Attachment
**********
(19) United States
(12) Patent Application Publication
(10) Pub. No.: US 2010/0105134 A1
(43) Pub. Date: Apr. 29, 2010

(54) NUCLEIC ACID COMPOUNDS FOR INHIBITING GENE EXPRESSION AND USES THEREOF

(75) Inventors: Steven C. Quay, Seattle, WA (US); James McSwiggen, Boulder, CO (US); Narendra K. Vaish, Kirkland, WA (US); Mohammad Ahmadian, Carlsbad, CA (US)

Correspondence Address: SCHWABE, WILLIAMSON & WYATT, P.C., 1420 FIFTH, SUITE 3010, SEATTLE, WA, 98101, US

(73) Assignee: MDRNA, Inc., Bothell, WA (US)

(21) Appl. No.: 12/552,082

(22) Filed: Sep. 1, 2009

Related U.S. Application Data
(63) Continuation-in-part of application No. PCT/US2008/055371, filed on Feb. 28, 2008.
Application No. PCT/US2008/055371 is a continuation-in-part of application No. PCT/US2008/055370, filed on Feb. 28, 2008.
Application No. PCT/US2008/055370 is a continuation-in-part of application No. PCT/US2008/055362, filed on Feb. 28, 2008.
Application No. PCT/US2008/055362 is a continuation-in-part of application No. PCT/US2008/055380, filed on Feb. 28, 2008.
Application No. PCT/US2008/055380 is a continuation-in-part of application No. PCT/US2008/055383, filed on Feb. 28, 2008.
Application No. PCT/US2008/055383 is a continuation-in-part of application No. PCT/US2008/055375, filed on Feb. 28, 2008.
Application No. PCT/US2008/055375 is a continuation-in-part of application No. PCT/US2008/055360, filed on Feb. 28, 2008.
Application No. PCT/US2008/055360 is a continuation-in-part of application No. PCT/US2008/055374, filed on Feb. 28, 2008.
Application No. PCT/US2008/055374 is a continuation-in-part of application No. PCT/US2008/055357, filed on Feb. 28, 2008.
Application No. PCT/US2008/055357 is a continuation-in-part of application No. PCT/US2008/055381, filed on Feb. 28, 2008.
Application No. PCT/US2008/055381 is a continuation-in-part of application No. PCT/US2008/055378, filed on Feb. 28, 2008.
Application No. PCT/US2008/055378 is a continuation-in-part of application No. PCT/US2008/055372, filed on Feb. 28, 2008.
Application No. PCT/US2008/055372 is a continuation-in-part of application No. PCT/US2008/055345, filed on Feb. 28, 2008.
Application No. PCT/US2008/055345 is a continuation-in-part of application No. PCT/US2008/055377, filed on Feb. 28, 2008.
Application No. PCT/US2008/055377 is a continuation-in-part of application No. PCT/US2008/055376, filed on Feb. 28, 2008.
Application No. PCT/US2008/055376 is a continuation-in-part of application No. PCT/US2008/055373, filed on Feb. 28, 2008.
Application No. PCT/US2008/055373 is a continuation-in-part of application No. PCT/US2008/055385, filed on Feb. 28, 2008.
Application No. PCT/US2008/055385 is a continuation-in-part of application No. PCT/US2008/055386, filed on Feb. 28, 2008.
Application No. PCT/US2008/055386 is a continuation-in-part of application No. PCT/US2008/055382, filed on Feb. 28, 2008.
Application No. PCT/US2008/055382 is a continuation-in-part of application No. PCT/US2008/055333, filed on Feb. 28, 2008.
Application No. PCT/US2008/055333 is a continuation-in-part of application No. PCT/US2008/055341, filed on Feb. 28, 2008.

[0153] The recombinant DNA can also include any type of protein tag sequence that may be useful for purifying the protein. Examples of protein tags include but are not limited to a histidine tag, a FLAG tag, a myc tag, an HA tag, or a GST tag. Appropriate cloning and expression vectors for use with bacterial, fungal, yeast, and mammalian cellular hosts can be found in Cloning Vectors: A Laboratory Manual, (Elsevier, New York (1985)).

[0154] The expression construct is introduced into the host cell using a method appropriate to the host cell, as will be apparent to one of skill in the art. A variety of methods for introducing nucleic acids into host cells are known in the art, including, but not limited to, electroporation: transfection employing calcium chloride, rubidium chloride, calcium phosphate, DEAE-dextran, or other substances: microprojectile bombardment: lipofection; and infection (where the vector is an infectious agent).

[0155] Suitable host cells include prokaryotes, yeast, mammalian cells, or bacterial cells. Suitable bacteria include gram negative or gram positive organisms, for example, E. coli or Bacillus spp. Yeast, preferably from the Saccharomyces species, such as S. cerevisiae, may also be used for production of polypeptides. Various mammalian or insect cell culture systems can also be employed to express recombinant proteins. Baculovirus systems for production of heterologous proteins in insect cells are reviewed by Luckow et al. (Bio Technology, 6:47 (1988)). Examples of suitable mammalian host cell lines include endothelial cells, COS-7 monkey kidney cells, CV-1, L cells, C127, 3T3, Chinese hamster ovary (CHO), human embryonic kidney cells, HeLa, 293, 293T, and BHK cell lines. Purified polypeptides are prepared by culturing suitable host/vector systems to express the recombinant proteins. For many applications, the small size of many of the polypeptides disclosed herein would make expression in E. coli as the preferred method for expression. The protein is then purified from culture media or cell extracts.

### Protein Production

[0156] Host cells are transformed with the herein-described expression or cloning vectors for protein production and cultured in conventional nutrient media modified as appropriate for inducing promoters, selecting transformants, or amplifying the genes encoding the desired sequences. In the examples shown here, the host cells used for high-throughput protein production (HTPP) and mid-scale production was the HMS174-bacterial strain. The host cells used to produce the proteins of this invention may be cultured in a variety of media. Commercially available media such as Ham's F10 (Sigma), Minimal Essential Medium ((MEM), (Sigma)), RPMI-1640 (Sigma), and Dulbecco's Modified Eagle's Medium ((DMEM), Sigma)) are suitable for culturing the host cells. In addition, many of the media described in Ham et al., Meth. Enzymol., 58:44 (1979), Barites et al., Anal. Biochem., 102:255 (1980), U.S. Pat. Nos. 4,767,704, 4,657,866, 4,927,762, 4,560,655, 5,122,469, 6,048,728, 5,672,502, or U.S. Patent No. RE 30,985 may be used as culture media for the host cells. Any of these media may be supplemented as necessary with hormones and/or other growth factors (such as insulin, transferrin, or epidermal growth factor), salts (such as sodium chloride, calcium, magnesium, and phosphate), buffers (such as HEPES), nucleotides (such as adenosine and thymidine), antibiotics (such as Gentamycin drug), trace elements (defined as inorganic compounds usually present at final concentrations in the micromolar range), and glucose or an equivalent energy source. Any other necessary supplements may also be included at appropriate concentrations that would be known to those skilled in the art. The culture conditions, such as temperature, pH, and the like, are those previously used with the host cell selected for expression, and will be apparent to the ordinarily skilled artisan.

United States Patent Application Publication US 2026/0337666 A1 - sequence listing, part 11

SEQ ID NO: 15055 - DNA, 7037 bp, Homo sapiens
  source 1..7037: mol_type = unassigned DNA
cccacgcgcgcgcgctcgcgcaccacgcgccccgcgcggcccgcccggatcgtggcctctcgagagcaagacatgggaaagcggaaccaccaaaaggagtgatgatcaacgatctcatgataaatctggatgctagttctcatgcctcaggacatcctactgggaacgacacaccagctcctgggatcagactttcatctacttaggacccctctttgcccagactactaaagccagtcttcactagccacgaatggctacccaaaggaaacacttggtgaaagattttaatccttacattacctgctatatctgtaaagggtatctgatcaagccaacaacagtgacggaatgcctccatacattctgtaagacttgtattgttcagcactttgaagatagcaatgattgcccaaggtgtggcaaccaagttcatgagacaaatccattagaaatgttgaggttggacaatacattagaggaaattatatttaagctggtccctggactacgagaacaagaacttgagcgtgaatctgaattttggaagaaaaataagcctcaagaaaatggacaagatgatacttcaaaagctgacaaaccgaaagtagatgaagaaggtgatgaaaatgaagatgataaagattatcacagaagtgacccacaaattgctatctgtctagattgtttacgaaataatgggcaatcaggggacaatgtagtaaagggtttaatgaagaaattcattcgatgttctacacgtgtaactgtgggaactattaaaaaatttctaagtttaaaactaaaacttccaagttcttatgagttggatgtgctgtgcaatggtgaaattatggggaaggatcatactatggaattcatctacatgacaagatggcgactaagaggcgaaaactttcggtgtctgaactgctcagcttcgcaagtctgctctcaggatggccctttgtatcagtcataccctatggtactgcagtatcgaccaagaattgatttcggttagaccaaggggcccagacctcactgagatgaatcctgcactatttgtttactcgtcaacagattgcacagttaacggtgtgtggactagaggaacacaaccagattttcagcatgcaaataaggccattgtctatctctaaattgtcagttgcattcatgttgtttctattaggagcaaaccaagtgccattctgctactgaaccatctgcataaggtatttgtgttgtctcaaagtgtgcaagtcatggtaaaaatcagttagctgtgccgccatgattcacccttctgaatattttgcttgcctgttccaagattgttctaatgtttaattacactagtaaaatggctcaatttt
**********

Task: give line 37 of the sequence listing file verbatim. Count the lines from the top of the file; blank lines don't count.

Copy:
[0156] Host cells are transformed with the herein-described expression or cloning vectors for protein production and cultured in conventional nutrient media modified as appropriate for inducing promoters, selecting transformants, or amplifying the genes encoding the desired sequences. In the examples shown here, the host cells used for high-throughput protein production (HTPP) and mid-scale production was the HMS174-bacterial strain. The host cells used to produce the proteins of this invention may be cultured in a variety of media. Commercially available media such as Ham's F10 (Sigma), Minimal Essential Medium ((MEM), (Sigma)), RPMI-1640 (Sigma), and Dulbecco's Modified Eagle's Medium ((DMEM), Sigma)) are suitable for culturing the host cells. In addition, many of the media described in Ham et al., Meth. Enzymol., 58:44 (1979), Barites et al., Anal. Biochem., 102:255 (1980), U.S. Pat. Nos. 4,767,704, 4,657,866, 4,927,762, 4,560,655, 5,122,469, 6,048,728, 5,672,502, or U.S. Patent No. RE 30,985 may be used as culture media for the host cells. Any of these media may be supplemented as necessary with hormones and/or other growth factors (such as insulin, transferrin, or epidermal growth factor), salts (such as sodium chloride, calcium, magnesium, and phosphate), buffers (such as HEPES), nucleotides (such as adenosine and thymidine), antibiotics (such as Gentamycin drug), trace elements (defined as inorganic compounds usually present at final concentrations in the micromolar range), and glucose or an equivalent energy source. Any other necessary supplements may also be included at appropriate concentrations that would be known to those skilled in the art. The culture conditions, such as temperature, pH, and the like, are those previously used with the host cell selected for expression, and will be apparent to the ordinarily skilled artisan.